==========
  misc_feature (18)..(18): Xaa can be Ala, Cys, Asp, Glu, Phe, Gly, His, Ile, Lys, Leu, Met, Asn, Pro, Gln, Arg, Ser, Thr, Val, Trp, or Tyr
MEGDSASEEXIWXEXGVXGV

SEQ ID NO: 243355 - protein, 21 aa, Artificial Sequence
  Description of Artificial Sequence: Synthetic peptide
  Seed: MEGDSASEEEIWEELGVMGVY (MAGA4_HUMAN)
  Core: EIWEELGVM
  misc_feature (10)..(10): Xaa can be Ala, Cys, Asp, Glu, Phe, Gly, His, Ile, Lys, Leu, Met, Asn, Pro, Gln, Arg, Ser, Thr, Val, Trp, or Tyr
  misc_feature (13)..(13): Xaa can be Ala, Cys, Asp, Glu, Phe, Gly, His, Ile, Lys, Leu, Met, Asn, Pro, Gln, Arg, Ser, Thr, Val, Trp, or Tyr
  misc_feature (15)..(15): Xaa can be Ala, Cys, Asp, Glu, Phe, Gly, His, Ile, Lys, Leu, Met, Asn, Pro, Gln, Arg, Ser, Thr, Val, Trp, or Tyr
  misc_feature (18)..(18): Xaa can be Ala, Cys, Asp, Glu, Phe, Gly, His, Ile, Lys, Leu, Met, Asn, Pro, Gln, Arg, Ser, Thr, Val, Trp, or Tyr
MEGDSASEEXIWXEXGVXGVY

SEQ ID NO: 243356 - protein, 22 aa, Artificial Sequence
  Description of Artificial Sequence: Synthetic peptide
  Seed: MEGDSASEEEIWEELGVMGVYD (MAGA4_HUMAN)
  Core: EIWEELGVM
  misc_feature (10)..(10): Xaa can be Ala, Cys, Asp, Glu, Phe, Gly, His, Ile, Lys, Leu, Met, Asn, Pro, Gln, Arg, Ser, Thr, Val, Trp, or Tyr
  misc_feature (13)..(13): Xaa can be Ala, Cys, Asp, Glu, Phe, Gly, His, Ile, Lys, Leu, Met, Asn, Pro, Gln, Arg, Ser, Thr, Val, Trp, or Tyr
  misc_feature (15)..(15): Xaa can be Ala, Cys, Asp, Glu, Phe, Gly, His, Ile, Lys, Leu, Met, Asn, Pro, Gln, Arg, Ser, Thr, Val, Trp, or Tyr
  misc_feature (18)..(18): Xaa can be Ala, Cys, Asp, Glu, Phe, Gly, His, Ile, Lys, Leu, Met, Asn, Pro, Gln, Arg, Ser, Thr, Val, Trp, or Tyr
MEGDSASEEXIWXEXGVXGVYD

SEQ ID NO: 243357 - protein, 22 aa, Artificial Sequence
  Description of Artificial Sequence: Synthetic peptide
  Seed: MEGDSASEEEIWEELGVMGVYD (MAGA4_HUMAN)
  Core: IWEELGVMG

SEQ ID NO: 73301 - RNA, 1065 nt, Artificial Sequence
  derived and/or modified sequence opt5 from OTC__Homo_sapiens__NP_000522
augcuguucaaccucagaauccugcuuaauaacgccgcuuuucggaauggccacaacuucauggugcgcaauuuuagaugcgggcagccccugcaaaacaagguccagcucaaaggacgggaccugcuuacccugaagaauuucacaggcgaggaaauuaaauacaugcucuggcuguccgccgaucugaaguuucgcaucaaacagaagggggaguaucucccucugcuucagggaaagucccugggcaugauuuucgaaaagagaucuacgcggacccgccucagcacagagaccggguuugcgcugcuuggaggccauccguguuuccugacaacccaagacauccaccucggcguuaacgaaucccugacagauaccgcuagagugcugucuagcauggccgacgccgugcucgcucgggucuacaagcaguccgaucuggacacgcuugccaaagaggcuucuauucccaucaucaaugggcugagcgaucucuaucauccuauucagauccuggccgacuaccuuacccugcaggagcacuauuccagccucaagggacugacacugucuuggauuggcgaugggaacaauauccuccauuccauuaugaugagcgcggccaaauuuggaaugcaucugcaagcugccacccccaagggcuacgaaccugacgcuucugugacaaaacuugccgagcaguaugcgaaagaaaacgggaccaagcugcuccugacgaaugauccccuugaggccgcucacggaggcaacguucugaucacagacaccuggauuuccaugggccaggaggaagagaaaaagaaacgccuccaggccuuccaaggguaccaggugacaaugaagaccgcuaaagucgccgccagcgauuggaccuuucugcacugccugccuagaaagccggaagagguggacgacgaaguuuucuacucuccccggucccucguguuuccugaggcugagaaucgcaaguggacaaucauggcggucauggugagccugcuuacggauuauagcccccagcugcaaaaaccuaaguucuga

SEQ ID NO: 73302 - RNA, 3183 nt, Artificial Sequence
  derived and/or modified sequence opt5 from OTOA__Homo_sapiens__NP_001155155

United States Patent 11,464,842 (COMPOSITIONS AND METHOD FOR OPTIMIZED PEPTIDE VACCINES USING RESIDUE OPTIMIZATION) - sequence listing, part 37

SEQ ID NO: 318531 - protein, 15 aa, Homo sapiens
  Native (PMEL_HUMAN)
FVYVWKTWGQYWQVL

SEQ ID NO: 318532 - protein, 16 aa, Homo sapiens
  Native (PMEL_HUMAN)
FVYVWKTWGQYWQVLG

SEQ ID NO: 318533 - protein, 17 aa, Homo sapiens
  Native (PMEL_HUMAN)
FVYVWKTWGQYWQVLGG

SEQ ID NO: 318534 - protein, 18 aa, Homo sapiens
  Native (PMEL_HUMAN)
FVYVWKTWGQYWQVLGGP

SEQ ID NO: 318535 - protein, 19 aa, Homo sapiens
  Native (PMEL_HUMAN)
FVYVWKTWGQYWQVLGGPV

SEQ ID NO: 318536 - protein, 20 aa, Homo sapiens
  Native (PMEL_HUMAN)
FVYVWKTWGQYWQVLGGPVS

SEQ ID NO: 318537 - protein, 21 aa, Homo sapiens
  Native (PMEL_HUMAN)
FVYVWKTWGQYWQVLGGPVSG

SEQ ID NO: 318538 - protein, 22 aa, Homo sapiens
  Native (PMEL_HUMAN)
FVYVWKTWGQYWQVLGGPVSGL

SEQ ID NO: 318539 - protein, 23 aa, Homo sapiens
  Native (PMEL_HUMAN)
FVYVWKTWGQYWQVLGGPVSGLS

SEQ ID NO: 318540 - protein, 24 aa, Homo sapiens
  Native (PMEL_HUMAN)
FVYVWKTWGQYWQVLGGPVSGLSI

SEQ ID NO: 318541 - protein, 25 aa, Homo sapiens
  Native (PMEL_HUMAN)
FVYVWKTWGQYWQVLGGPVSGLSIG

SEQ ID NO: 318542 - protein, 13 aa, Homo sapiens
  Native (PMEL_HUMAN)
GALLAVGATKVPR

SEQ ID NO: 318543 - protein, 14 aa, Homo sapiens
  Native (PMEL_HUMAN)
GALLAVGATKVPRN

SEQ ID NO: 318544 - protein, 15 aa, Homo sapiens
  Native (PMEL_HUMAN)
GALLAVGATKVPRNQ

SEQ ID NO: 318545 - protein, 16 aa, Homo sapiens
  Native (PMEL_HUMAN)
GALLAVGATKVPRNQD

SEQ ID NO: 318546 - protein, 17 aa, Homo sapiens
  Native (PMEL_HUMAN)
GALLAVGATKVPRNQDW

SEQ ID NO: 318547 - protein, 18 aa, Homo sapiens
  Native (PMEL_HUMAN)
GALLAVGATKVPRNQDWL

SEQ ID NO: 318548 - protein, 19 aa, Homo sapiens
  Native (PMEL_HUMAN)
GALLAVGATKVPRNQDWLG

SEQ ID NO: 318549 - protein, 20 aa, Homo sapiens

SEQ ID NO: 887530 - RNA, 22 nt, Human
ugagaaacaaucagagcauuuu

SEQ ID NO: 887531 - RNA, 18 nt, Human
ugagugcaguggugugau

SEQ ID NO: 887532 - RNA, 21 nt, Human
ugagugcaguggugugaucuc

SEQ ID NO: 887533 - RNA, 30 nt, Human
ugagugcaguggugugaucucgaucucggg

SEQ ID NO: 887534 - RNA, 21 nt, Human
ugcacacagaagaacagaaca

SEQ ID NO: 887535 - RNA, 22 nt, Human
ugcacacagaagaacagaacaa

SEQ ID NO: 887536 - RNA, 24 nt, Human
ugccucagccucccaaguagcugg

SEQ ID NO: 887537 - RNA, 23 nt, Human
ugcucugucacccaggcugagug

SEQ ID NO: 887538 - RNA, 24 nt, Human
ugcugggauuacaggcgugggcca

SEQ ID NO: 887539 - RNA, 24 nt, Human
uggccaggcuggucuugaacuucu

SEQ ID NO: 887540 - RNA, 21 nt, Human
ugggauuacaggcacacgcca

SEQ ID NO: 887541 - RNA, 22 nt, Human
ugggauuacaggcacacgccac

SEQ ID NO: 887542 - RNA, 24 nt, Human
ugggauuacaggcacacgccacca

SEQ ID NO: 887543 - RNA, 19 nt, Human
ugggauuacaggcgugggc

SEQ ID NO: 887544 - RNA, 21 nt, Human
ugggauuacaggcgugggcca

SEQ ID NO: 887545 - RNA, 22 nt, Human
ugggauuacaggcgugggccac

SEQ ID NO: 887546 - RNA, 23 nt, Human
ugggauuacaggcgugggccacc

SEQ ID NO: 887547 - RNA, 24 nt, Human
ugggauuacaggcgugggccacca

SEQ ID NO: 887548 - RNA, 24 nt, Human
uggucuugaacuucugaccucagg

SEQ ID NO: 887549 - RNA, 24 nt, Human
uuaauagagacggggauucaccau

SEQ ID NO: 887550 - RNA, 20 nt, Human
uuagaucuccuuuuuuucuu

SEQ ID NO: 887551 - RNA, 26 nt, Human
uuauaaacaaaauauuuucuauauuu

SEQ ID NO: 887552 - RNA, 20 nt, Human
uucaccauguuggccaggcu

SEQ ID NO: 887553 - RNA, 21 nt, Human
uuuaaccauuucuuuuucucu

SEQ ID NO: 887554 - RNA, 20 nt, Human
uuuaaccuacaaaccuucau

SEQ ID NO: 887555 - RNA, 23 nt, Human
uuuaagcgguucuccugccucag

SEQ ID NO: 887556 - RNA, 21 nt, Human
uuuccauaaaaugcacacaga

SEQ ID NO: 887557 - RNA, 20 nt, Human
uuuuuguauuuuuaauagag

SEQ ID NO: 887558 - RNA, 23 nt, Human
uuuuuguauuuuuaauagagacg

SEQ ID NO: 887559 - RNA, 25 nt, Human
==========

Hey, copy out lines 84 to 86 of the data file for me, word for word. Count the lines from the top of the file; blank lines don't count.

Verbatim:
GALLAVGATKVPRNQDWLG

SEQ ID NO: 318549 - protein, 20 aa, Homo sapiens

SEQ ID NO: 887530 - RNA, 22 nt, Human